By Dr Daghni Rajasingam, Consultant Obstetrician and Member of the RCOG Board of Trustees
Today marks 70 years since the National Health Service (NHS) was launched in 1948. This anniversary provides a wonderful opportunity to celebrate the many life-enhancing achievements of the NHS. Due to pioneering advances in science, medicine and technology, and the extraordinary efforts of NHS staff, the health of the nation – particularly women – has significantly improved over the past seven decades.
In this time, the needs of women have changed dramatically and so too has the care that they require. The Royal College of Obstetricians and Gynaecologists (RCOG) is marking this important anniversary by celebrating medical innovations within the obstetrics and gynaecology speciality that have advanced the health of women in the UK and beyond.
The first NHS baby – Aneira Thomas – was born a minute past the hour on 5 July 1948 at Amman Valley Hospital in Carmarthenshire. The team of nurses encouraged Aneira’s mother to hold on until just after midnight. The inspiration for Aneira’s name came from the founding father of the NHS - Aneurin Bevan.
Prior to the establishment of the NHS in 1948, the majority of women gave birth at home and often with no medical assistance. Seventy years on, and women have more support and choice about where and how they give birth. They also have greater control over when they become pregnant due to advances in contraception.
Giving birth in the UK is now safer than ever. Since 1948, there have been significant reductions in maternal and infant mortality. Clinical practice become more evidence-based and multi-professional working has developed to ensure the care of mother and baby can be supported by a range of specialists. When the NHS was launched, infant mortality rate was 34 deaths per 1,000 births*. Seventy years on, that rate has dropped dramatically to 3.8 per 1,000 births*.
To mark the NHS’s landmark birthday, the RCOG carried out a survey of its members to ask what they thought was the most important medical innovation in obstetrics and gynaecology (O&G) over the last 70 years.
Almost 30% of respondents** said obstetric ultrasound scanning was the most important medical innovation. This was followed by contraception (20%), IVF and fertility treatment (15%) and cervical screening (11%). Other innovations on the list included laparoscopy, the mirena coil, epidural anaesthesia, HPV vaccine and fetal surgery.
By the 1970s, ultrasound scanning had been taken up widely in hospitals across Britain. In 1972, the first accurate detection of fetal cardiac action was reported. In the early days, clinicians could only detect the baby’s head. Now women are able to see 3D, real-time colour images of their baby. This vast improvement in image quality led to the new field of fetal medicine that has paved the way for diagnosis and treatment in pregnancy.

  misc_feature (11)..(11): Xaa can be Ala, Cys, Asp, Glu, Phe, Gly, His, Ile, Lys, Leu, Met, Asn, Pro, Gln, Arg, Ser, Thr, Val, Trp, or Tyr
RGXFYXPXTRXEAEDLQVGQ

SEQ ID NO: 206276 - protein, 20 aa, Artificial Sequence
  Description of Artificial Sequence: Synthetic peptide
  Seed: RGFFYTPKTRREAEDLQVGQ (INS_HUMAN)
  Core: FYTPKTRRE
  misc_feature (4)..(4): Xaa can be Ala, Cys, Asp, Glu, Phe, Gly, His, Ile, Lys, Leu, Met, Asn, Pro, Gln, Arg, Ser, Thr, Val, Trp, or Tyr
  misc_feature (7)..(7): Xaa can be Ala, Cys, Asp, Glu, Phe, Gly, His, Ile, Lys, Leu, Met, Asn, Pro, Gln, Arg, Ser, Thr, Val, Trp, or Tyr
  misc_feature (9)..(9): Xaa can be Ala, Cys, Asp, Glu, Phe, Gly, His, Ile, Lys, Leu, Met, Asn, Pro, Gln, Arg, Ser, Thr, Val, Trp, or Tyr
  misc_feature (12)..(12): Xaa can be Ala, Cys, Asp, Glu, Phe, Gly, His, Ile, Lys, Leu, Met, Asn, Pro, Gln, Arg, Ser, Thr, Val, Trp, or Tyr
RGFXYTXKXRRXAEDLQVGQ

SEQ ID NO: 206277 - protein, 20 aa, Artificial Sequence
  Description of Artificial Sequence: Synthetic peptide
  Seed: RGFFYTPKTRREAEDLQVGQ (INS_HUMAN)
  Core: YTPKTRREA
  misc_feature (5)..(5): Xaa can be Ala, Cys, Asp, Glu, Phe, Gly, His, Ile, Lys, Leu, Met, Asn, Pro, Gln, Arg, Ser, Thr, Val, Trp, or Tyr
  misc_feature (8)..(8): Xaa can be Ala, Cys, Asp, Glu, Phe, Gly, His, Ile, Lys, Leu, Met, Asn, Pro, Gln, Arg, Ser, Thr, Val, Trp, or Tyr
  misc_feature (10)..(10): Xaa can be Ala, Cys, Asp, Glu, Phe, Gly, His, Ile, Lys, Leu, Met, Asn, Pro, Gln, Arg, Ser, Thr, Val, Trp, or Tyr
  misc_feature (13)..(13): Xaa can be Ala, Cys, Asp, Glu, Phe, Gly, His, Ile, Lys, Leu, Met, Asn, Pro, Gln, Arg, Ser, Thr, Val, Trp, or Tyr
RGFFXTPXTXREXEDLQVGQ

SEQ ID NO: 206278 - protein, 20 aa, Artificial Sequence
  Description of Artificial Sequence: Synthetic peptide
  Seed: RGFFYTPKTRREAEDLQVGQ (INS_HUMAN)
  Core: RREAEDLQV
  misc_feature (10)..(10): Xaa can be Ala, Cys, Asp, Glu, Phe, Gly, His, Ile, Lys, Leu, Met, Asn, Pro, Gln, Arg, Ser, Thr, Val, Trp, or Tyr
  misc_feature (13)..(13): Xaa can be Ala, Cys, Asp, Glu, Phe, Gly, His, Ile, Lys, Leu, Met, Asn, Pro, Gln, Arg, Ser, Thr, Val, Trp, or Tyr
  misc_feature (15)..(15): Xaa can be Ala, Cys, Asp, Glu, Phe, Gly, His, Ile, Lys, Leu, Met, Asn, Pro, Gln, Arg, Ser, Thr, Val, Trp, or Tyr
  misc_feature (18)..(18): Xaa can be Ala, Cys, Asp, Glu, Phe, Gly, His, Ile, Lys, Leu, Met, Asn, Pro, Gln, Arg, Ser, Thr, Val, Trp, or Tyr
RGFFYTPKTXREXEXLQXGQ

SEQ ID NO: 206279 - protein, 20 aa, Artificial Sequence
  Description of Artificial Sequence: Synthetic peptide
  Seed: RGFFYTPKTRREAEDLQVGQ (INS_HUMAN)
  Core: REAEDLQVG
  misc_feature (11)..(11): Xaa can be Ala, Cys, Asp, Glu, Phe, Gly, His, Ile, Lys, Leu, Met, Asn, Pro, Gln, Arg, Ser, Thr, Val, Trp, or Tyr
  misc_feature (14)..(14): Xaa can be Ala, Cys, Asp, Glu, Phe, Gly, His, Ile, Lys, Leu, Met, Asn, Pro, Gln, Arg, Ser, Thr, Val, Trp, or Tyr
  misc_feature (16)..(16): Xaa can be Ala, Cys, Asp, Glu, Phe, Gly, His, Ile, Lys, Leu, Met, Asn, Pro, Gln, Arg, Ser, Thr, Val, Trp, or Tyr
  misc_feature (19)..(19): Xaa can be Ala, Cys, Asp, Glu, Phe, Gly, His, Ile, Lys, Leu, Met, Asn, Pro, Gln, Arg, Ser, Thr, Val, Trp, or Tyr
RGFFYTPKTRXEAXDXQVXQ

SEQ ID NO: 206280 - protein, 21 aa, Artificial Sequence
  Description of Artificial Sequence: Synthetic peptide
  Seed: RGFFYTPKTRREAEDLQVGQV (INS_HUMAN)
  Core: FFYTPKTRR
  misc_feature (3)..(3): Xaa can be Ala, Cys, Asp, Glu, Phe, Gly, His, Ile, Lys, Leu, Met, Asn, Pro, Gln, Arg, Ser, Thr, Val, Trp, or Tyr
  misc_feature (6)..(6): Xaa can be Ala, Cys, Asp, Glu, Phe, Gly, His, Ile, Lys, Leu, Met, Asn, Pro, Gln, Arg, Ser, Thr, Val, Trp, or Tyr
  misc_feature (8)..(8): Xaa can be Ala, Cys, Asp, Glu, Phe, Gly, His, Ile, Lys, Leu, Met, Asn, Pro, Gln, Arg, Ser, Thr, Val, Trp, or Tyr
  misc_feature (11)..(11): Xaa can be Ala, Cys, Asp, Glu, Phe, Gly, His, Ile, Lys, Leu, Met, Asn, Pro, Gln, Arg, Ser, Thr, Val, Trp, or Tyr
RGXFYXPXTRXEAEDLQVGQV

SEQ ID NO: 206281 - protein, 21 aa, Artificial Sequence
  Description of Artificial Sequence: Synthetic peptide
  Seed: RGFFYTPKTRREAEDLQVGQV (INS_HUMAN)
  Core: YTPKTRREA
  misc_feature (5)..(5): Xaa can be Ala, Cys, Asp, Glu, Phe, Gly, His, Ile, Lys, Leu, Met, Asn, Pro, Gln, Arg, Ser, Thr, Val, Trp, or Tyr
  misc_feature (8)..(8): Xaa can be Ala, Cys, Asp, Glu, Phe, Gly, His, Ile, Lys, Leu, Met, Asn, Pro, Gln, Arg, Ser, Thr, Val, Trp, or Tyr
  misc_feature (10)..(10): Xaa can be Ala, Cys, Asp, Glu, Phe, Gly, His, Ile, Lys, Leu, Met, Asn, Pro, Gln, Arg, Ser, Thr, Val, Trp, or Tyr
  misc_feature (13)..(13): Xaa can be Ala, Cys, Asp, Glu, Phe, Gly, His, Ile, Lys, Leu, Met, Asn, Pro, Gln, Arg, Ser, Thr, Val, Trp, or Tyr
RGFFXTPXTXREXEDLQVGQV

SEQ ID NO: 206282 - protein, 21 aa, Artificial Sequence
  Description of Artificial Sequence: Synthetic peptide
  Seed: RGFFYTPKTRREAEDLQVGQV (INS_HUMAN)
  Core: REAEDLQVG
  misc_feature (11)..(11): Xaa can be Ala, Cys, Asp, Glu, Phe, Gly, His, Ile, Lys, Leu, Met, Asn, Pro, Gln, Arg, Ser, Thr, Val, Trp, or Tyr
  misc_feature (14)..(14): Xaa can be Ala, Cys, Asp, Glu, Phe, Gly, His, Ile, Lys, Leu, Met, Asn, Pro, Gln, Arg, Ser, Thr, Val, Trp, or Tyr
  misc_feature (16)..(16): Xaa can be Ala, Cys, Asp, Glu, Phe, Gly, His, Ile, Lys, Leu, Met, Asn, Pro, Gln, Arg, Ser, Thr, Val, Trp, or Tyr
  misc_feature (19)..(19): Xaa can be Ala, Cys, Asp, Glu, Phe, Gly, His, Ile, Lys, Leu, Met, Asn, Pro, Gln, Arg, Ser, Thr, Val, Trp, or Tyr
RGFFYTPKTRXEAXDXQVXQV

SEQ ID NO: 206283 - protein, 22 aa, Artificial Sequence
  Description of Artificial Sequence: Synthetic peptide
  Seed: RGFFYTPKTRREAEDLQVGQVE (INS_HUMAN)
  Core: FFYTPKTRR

Ultrasound scanning has also revolutionised other areas of women’s health, including the detection of gynaecological cancers. Although used in every speciality, ultrasound is arguably most intrinsic to obstetrics and gynaecology, and will continue to be used as a tool to improve women’s health in the next 70 years.
Contraception is also another vital part of women’s healthcare, particularly sexual and reproductive care. The range of contraception methods empower women to take control of their fertility, prevent transmission of sexually transmitted infections and improve sexual health at every age and stage of life.
Infertility affects one in seven couples and can have a devastating effect on people’s lives – it can lead to distress, depression, and the breakdown of relationships. The Nobel Prize in Physiology or Medicine in 2010 was awarded to Sir Robert Edwards for the development of pioneering IVF treatment which has helped millions of people across the world to become parents. In the UK alone, more than a quarter of a million babies have been born as a result of IVF treatment. Louise Brown was the first baby to be born as a result of IVF in 1978 in Oldham General Hospital, Manchester.
Cervical cancer was a major cause of death among women in the UK, but over the last 20 years the incidence of cervical cancer in England has almost halved following the introduction of the cervical cancer screening programme. And with the HPV vaccination programme, incidence of cervical cancer is expected to be reduced even further.
As we now look to the future of the NHS, the RCOG remains committed to improving the quality of, and access, to care for women. Greater focus must be placed on early detection and preventative care, while ensuring shared decision-making and that women are always at the centre of their own care.
Pioneering advances in precision medicine, artificial intelligence and genomes research will also transform healthcare, including within obstetrics and gynaecology, for women in the UK. The RCOG looks forward to seeing these developments and remains deeply committed to improving care of women across in the UK and across the world.
* ONS report: Child Mortality in England and Wales 2016
** The survey involved 63 members